To some extent, my research is responding to and furthering Graham Allison’s observations in Destined for War. I am attempting to explain the outliers in his theory. These are the cases where a rising power and a ruling power do not go to war. By shifting the focus on the cases that do not conform to the theory, I am looking to explain instances of peace. Since my research overlaps with Allison at a methodological and theoretical level, my dependent variable is similar to his: “The dependent variable in this inquiry is war, defined according to the standard criteria in the Correlates of War Project as military conflict causing a minimum of 1,000 fatalities per year.” Since I would be looking at a smaller number of cases, however, I could switch the dependent variable from the aforementioned dumby-variable to an ordinal variable. Having an ordinal variable that measures bilateral relations allows for more detail and nuance. Currently, I am reading some work by Johan Galtung to help develop this ordinal scale. For the sake of this post, however, a dumby-variable on whether two states are at war theoretically suffices.
Currently, I am interested in using Mill’s Method of Difference to compare two very similar cases with different outcomes on the dependent variable. Both cases come from Allison, but one remains unanalyzed. Britain and the United States at the turn of the 20th century (which did not result in war) is included in Allison’s main work. A very similar case, Austria and Prussia during the mid-18th century and the Silesian Wars, has been listed by Allison as a potential case for “Phase II” but has not yet been analyzed. After some background reading, I do believe it falls within the boundaries of the phenomenon of rising and ruling powers. What is interesting about the case is its outcome (war) despite its similarity with the Britain/US case, which did not end in war. The intriguing similarity between the cases stems from the common culture in each bilateral relationship. For example, the U.S. and Britain both have an “Anglo-Saxon culture” while both Prussia and Austria have a “Germanic culture”. Using Mill’s Method of Difference might help identify the Independent Variable(s) that allowed similar cases (rising and ruling powers with cultural affinity) to arrive at drastically different outcomes.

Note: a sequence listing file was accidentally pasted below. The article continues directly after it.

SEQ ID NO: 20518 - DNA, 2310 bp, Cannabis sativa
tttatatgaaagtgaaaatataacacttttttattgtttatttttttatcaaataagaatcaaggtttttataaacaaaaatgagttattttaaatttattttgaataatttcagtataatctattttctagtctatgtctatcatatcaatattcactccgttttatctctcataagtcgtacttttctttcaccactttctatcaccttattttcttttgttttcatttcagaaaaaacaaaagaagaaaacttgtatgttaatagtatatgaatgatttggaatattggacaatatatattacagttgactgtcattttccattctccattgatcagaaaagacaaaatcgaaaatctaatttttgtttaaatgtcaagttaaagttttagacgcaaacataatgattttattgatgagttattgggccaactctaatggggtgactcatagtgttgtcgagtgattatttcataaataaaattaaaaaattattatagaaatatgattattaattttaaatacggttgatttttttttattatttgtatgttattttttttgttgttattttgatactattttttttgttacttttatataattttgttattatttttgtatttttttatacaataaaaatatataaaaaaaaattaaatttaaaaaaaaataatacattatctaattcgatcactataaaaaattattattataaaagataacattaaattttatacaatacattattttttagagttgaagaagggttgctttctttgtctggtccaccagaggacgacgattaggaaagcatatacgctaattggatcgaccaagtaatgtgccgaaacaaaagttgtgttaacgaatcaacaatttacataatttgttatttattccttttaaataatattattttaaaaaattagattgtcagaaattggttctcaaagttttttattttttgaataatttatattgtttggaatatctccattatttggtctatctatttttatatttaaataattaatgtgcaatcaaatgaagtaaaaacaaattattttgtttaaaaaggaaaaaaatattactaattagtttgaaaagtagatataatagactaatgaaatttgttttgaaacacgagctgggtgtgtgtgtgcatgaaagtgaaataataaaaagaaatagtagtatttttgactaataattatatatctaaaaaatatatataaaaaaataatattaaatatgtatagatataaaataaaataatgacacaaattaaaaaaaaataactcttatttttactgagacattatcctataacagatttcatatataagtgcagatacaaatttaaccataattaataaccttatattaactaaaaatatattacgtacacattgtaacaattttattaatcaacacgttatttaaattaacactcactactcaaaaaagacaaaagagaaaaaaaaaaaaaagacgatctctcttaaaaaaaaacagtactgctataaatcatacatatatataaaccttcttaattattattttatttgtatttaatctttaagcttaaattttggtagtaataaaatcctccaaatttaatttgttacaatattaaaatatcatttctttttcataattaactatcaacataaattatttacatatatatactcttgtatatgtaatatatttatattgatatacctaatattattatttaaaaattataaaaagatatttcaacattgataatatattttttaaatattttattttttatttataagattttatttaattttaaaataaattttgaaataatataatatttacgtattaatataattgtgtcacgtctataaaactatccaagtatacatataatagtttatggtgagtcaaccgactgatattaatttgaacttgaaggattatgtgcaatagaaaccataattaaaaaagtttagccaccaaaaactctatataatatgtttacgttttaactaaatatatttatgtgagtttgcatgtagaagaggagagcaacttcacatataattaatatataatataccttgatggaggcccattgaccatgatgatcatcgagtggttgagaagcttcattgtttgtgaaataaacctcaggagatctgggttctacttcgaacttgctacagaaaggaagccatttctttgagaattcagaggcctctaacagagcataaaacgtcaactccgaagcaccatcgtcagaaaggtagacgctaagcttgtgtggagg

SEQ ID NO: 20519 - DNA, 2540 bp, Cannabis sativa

With all of this in mind, I began looking for primary sources that could help inform the dependent variable (which would be whether the two states were at war if using the dumby-variable or an ordinal DV that scales from war to what Galtung and other scholars refer to as “negative peace” and further “positive peace”). While I am still searching for sources on the Austro-Prussian case, I have found an abundance of scholarship and primary sources on the case of Britain and the US and their rapprochement. Of the primary sources, the speeches of presidents McKinley and Roosevelt seem to be useful in identifying the state of Anglo-American relations (at least rhetorically). These sources (along with other primary and secondary sources) could help fill in the possible ordinal dependent variable. However, if I were to keep to the dumby-variable of simply whether there was a war, I could use the Correlates of War Project’s Inter-State War Database. Using this DV, I already know the values of each case (US/Britain: No War; Prussia/Austria: War). If I were to use an ordinal DV, I would expect (based on my historical background readings so far) Anglo-American rapprochement to be more in line with a “positive peace” while Austro-Prussian conflict to constitute war, but not “total war” or the fullest extent of wartime commitment and determination.
 Graham Allison. “Methodology,” Thucydides Trap, Harvard Kennedy School Belfer Center. 2017, https://www.belfercenter.org/thucydides-trap/thucydides-trap-methodology (Accessed: October 24, 2018).
 Ibid, “Case File: United Kingdom vs. United States,” Thucydides Trap, Harvard Kennedy School Belfer Center. 2017, https://www.belfercenter.org/thucydides-trap/case-file (Accessed: October 24, 2018).
 In my literature review, I identified a grouping of scholars that identified the importance of culture similarity in allowing bilateral peace. The cultural similarities that I just described are a simplification and would be explained in further detail in a future research design or post.
 Johan Galtung. “Peace.” International Encyclopedia of the Social & Behavioral Sciences, Second Edition, 618–623. 2015.
 William McKinley, Inaugural Address, Washington DC, March 4, 1897. The Avalon Project. http://avalon.law.yale.edu/19th_century/mckin1.asp (Accessed: September 24, 2018).
 Zeev Maoz, Paul L. Johnson, Jasper Kaplan, Fiona Ogunkoya, and Aaron Shreve. “The Dyadic Militarized Interstate Disputes (MIDs) Dataset Version 3.0: Logic, Characteristics, and Comparisons to Alternative Datasets,” Journal of Conflict Resolution, no. 3 (forthcoming 2019).